Josie and the Pussycats debuted on the CBS Saturday morning lineup on September 12, 1970, with the episode “The Nemo’s a No-No Affair.” The animated version of Josie was an amalgam of plot devices, villain types, settings, moods, and tones from other Hanna-Barbera shows such as Scooby-Doo, Where Are You!, Jonny Quest, Space Ghost, and Shazzam. Like Scooby-Doo, Where Are You!, Josie and the Pussycats was originally broadcast with a laugh track. Later home video and DVD releases omit the laugh track.
Every episode of the show would find the Pussycats and crew en route to perform a gig or record a song in some exotic location. Somehow, often due to something Alexandra did, they would accidentally find themselves mixed up in an adventure/mystery. The antagonist was always a diabolical mad scientist, spy, or criminal who wanted to take over the world using some hi-tech device. The Pussycats would usually find themselves in possession of the plans for an invention, an item of interest to the villains, a secret spy message, etc., and the villains would give chase. Eventually, the Pussycats would formulate a plan to destroy the villain’s plans and bring them to justice, which result in a final chase sequence set to a Pussycats song. (Sounds like the formula for an episode of Scooby-Doo.)
The Pussycats would succeed in capturing the villain and get back to their gig/recording session/etc. The final gag always centered around one of Alexandra’s attempts to interfere with/put an end to The Pussycats’ performance and/or steal Alan away from Josie.
In September 1972, a spin-off series titled Josie and the Pussycats in Outer Space debuted on CBS. This version of the series launched the characters into outer space; the opening credits sequence shows Alexandra accidentally knocking the cast into a spaceship and launching it into deep space. Every episode centered on the Pussycats encountering a strange new world, where they would encounter and often be kidnapped by various alien races before escaping and attempting to return home.
Musical numbers and chase sequences set to newly recorded songs were featured in this spin-off series as with the original. Josie in Outer Space also added the character of Bleep, a car-sized fluffy alien adopted by Melody, who was the only one who could understand the creature (who only says “Bleep”) and numerous other alien animals encountered.
The 16 episodes of Josie and the Pussycats in Outer Space were re-run for the 1973-1974 season until January 26, 1974, when CBS canceled it and ordered no more new Josie episodes from Hanna-Barbera. Josie and the Pussycats in Outer Space contained a laugh track as well, but utilized an inferior version created by the studio.
Josie and The Pussycats made a final appearance as animated characters in a guest shot on the September 22, 1973 episode of The New Scooby-Doo Movies, “The Haunted Showboat.” Early production art for Hana-Barbera’s 1977 “all-star” Battle of the Network Stars spoof Laff-A-Lympics featured Alexandra, Sebastian, Alexander, and Melody among other Hanna-Barbera characters as members of the “Scooby Doobies” team, but legal problems prevented their inclusion in the final program.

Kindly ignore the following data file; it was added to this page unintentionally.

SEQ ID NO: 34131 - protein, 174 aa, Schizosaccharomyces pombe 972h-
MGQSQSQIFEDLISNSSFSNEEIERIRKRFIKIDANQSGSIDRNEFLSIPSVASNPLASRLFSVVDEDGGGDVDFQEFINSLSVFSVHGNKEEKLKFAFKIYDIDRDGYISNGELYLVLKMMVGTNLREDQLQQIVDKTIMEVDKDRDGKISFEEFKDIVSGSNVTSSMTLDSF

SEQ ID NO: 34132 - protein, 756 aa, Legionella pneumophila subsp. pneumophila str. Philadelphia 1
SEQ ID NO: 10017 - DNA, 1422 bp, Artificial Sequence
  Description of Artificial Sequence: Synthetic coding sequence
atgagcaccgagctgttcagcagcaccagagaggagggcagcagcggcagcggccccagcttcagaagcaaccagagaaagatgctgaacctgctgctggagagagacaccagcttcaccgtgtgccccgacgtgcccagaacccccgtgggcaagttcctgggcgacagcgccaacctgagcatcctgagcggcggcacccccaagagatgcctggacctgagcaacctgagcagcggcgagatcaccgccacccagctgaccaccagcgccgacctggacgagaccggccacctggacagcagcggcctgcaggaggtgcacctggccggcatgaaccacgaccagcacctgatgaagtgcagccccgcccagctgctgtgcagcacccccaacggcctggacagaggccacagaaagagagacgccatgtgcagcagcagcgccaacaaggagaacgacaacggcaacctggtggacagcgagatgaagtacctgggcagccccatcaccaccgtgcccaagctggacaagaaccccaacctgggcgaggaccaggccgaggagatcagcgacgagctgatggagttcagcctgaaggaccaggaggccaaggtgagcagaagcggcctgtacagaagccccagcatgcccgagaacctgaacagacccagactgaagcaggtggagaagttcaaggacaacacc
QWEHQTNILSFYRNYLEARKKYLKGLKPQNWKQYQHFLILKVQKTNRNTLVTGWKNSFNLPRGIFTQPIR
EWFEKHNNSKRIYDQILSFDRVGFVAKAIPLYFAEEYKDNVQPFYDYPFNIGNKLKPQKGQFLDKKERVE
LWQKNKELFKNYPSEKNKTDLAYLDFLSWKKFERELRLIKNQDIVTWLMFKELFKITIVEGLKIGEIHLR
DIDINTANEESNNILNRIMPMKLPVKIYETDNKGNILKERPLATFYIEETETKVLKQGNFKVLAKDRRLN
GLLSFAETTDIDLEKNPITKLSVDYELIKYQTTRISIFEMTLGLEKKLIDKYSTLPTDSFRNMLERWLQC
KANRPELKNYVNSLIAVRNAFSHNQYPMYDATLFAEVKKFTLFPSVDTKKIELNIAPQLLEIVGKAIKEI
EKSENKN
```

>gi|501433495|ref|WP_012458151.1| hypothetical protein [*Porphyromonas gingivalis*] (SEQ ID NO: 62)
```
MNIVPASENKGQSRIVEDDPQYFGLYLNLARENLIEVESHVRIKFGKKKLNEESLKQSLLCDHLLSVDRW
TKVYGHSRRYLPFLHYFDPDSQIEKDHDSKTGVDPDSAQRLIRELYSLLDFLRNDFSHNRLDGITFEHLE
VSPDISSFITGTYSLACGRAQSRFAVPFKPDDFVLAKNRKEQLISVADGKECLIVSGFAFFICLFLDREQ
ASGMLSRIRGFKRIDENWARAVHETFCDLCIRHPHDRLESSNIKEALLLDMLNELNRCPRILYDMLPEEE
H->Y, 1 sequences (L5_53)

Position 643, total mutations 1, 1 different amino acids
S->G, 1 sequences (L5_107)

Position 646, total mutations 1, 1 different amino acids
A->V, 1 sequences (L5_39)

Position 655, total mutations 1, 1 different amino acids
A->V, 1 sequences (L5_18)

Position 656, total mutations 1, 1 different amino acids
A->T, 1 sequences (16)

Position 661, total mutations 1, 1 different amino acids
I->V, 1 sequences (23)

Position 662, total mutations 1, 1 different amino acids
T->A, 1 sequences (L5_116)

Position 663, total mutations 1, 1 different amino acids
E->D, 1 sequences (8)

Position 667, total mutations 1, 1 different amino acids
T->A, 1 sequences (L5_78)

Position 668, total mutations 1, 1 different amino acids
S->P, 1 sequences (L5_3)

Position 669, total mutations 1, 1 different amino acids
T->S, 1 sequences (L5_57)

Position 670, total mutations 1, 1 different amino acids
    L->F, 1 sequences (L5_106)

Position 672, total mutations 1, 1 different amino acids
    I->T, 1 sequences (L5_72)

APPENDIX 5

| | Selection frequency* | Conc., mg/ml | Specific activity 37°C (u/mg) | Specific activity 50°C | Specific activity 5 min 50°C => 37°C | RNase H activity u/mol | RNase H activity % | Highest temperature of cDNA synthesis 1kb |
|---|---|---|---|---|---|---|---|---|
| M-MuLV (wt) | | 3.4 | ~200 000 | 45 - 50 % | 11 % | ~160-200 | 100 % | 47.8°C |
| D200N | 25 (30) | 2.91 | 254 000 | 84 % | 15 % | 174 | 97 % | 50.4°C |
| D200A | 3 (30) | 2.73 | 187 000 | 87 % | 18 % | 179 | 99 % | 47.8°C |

In 1976, Rand McNally published a children’s book based on the Josie TV show, Hanna-Barbera’s Josie and The Pussycats: The Bag Factory Detour.
The original Josie and the Pussycats series was re-run on NBC Saturday morning for the 1975-1976 season. In the mid-1980s, both series, along with a number of other 1970s Hanna-Barbera cartoons (including Bratz) were on board USA Network’s Cartoon Express; they would next appear on Cartoon Network in 1992, where all 32 episodes were run in the same timeslot. Both programs, as of 2012, are in the library of Boomerang (Time Warner’s archive cartoon channel) but do not air. When it does air, it is typically as part of the channel’s block of mystery-solving cartoons, Those Meddling Kids! This month, June 2012, Boomerang has declaired Josie to be Boomeroyalty, which means you can see cartoons with her on Saturdays from 2-4 on Boomerang.
Josie and the Pussycats was named the 100th best animated series by entertainment website IGN, which referred to Josie as “an amusing show for how it combined elements from The Archie Show and Scooby-Doo”.
In 2001, Cartoon Network began airing a Josie and the Pussycats short, called “Musical Evolution”, featured the Pussycats performing their theme song through the various eras of pop music, including pop, disco, punk, Kiss-like heavy metal, country, and techno dance. Different animation styles are used for each era. The same year, Josie and the Pussycats was adapted into a live action motion picture. The film, produced by Universal Pictures, featured a punk rock cover of the theme song during the end credits.
The 2004 – 2007 Comedy Central animated TV series Drawn Together featured a character named Foxxy Love. An African-American mystery-solving musician, was a direct parody of the Josie and the Pussycats character Valerie Brown.
Several episodes of Speed Buggy, a later Hanna-Barbera show, had similar plots to Josie and the Pussycats episodes, specifically A Greenthumb is Not a Goldfinger (Island of the Giant Plants), X Marks the Spot (Out of Sight), and the Josie and the Pussycats in Outer Space episode Warrior Women of Amazonia (called The Hidden Valley of Amazonia in Speed Buggy).